The high court on Tuesday restrained four district magistrates (DMs) from drawing their salaries for keeping dues of a bus owner pending for almost seven years after using his vehicle during the 2005 Assembly elections.
The order directed to the post would prevent the DMs of Patna, Saharsa, Khagaria and Rohtas from drawing wages till further order. The government now owes Rs 69,418 to the bus owner, Sheo Karan Singh.
A bench of Justice Ajay Kumar Tripathi issued the directive on a petition filed by Singh seeking direction to the state government to clear his dues.
The court gave six-week time to Patna DM Sanjay Kumar Singh, Saharsa DM Miswah Bari, Rohtas DM Anupam Kumar and Khagaria DM Dharmendra Singh to file counter-affidavits after resolving the payment issue pending since December 2005.
“The four DMs will not draw a single penny towards their salaries and emoluments till further order,” the bench said. The court made it clear that if any of these officers drew their salaries or emoluments, it would be treated as contempt of the court order.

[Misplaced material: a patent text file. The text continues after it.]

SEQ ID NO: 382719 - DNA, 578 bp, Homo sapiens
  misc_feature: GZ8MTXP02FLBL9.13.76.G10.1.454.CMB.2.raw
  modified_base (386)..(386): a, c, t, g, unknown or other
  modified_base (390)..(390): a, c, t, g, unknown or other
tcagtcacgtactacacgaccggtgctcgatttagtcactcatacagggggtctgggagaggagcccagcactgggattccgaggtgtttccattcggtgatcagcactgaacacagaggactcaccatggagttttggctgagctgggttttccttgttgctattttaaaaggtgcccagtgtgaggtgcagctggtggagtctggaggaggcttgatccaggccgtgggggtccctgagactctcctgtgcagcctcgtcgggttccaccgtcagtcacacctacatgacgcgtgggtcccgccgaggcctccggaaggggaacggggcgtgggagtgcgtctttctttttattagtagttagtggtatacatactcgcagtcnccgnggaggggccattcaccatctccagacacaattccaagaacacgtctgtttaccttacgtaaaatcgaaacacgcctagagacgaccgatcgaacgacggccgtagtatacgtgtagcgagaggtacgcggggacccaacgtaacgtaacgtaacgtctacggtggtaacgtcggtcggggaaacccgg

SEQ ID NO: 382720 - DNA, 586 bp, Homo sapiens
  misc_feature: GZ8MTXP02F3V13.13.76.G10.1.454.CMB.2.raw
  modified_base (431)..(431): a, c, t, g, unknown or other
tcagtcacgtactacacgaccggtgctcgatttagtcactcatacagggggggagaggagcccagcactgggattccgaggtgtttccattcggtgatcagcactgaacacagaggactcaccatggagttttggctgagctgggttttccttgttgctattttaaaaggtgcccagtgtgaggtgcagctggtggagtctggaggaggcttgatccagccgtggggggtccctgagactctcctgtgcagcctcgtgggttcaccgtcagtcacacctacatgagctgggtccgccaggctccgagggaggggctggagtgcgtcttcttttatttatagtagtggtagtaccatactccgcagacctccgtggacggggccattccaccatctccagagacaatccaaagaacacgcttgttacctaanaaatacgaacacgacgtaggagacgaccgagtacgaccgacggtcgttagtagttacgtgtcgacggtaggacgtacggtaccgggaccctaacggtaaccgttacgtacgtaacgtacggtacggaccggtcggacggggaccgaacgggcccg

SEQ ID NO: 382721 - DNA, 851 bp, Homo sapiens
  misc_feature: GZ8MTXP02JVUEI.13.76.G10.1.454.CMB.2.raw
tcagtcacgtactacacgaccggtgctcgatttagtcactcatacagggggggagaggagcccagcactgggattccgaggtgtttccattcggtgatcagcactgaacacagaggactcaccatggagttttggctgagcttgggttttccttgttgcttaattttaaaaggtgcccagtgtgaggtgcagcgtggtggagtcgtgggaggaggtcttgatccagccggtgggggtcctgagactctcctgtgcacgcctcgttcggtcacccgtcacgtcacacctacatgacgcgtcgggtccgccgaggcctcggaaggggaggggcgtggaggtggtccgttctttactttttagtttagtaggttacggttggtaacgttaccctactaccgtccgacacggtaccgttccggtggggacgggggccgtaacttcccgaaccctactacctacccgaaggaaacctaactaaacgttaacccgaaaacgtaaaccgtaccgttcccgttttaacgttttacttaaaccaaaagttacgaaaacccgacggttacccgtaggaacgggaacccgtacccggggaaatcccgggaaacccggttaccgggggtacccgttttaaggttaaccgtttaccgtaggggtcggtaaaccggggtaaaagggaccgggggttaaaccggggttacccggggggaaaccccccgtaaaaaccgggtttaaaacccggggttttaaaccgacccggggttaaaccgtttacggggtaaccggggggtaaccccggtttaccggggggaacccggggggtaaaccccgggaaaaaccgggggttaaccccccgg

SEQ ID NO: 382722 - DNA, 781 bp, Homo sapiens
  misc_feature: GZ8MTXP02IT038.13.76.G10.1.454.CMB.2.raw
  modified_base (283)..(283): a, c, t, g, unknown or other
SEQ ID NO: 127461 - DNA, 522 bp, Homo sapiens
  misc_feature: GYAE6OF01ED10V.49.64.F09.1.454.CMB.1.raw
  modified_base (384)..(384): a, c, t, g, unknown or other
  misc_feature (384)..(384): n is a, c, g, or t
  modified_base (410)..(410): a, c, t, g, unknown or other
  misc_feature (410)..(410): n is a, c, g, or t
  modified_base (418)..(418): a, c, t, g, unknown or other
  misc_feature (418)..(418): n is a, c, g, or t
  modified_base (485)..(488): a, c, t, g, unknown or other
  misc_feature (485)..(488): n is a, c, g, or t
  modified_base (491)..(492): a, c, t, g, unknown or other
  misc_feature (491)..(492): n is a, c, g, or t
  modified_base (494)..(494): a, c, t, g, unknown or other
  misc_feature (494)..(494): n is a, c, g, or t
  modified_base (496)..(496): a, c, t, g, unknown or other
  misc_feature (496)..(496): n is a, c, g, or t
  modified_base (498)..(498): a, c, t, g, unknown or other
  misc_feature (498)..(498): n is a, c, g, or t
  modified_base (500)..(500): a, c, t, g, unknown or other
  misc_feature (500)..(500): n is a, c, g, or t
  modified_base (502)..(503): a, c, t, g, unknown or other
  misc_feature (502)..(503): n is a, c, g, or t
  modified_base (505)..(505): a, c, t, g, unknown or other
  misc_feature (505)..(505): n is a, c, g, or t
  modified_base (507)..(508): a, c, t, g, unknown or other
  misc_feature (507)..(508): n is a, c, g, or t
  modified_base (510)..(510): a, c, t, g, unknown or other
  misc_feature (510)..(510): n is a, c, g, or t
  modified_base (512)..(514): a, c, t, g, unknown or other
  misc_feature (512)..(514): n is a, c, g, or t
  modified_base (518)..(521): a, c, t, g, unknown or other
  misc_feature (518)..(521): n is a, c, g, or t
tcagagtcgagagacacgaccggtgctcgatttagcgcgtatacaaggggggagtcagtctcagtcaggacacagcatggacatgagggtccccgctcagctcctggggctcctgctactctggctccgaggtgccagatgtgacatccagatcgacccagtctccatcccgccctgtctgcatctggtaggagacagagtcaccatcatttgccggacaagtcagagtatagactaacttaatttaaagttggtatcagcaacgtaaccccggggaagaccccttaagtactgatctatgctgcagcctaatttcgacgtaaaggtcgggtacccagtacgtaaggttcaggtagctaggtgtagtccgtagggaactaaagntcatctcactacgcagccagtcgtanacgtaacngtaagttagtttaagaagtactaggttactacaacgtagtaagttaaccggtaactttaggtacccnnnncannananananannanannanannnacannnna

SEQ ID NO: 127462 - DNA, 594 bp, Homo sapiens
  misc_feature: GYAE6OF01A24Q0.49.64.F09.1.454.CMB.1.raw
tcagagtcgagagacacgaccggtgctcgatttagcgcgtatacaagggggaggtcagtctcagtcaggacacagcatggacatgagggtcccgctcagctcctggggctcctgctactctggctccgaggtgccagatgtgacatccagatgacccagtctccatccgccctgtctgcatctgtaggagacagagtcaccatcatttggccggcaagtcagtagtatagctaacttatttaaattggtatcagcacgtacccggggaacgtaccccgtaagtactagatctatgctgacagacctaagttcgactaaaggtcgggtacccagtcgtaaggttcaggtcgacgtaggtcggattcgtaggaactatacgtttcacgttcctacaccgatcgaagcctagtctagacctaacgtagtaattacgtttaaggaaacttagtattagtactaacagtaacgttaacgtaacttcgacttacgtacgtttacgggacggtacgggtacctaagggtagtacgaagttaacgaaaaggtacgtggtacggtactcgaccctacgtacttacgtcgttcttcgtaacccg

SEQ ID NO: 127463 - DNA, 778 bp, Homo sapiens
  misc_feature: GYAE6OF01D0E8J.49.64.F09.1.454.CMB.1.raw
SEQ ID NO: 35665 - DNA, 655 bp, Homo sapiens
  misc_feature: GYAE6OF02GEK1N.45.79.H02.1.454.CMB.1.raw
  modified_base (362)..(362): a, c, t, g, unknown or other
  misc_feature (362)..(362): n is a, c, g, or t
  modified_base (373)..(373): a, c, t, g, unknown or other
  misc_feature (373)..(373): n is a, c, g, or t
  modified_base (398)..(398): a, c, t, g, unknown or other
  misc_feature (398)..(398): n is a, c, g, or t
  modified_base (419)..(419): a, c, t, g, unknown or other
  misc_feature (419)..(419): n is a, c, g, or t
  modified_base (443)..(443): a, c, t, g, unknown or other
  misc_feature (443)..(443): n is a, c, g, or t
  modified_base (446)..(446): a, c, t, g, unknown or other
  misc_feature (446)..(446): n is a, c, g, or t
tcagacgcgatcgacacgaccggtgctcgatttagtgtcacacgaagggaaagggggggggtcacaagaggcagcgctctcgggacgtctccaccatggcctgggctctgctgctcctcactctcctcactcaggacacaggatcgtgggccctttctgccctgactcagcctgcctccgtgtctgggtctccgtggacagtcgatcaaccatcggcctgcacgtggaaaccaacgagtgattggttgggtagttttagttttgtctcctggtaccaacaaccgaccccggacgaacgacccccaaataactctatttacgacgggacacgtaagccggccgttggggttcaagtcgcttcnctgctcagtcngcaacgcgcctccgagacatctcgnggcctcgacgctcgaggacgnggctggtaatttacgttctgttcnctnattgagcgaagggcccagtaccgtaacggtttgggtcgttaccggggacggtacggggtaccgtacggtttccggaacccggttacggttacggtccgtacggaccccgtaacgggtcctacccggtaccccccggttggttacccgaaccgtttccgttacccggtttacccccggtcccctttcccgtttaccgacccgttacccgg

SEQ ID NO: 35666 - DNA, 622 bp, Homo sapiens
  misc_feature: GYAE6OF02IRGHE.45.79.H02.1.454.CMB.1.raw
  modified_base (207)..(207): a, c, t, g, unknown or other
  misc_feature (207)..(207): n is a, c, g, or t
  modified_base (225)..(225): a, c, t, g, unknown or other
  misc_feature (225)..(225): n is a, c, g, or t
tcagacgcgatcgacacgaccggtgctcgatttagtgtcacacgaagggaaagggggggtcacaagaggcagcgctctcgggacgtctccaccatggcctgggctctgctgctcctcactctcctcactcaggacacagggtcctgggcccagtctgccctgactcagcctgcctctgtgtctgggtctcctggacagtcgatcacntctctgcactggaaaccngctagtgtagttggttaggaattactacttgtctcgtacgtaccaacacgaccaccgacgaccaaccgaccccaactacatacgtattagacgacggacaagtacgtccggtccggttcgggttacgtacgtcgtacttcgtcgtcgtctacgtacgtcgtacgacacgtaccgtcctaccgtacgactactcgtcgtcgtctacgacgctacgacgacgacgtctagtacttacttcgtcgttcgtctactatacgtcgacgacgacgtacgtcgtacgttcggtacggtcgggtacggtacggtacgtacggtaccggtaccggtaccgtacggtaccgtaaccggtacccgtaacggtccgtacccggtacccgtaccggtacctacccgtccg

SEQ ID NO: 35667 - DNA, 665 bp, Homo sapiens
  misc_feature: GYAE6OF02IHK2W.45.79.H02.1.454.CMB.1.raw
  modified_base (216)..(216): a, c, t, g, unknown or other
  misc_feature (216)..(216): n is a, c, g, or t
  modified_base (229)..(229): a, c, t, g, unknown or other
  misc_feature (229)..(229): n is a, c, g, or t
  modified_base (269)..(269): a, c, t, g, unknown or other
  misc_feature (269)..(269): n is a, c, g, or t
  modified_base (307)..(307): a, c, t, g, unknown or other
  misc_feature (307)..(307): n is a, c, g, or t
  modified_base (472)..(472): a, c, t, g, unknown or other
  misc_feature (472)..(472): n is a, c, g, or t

Akashdeep, the counsel for the petitioner, submitted that the total dues of Singh was Rs 88,000. The government made a part payment of just Rs 18,582 in two installments. Singh is yet to get Rs 69,418.
The counsel said the Buxar district authorities requisitioned Singh’s bus on October 5, 2005 and released it on December 17, 2005. In between, it plied in Patna, Saharsa, Khagaria, Rohtas and Buxar.
Akashdeep said the bus owner received Rs 8,000 as advance from the Buxar district administration when his vehicle was requisitioned. The Buxar district authorities cleared its remaining dues of Rs 10,582 against using the bus for 15 days in its jurisdiction two years later in 2007 after the petitioner approached the high court. But the other four district authorities are yet to pay a penny to Singh.
When the court asked the status of payment in the other four districts, the state government’s counsel said the petitioner would have to approach each district for getting his dues. Citing a rule, he said only those district administrations could make payment where the vehicle was used.
The argument of the state government’s counsel irked the court and it observed that it would not be appropriate to harass a citizen. The matter could not be resolved in past seven years and the apathetic attitude of the officers could stretch the litigation for another five years, the bench observed.
During the last hearing on May 14, the court had asked the petitioner to implead the state’s home secretary and four DMs as parties to the case. It also asked the officers to file their replies.
The home secretary could not file a reply, as directed by the court, on whether or not there could be a mechanism under which a person, whose vehicle has been used in different districts, can take payment from one place.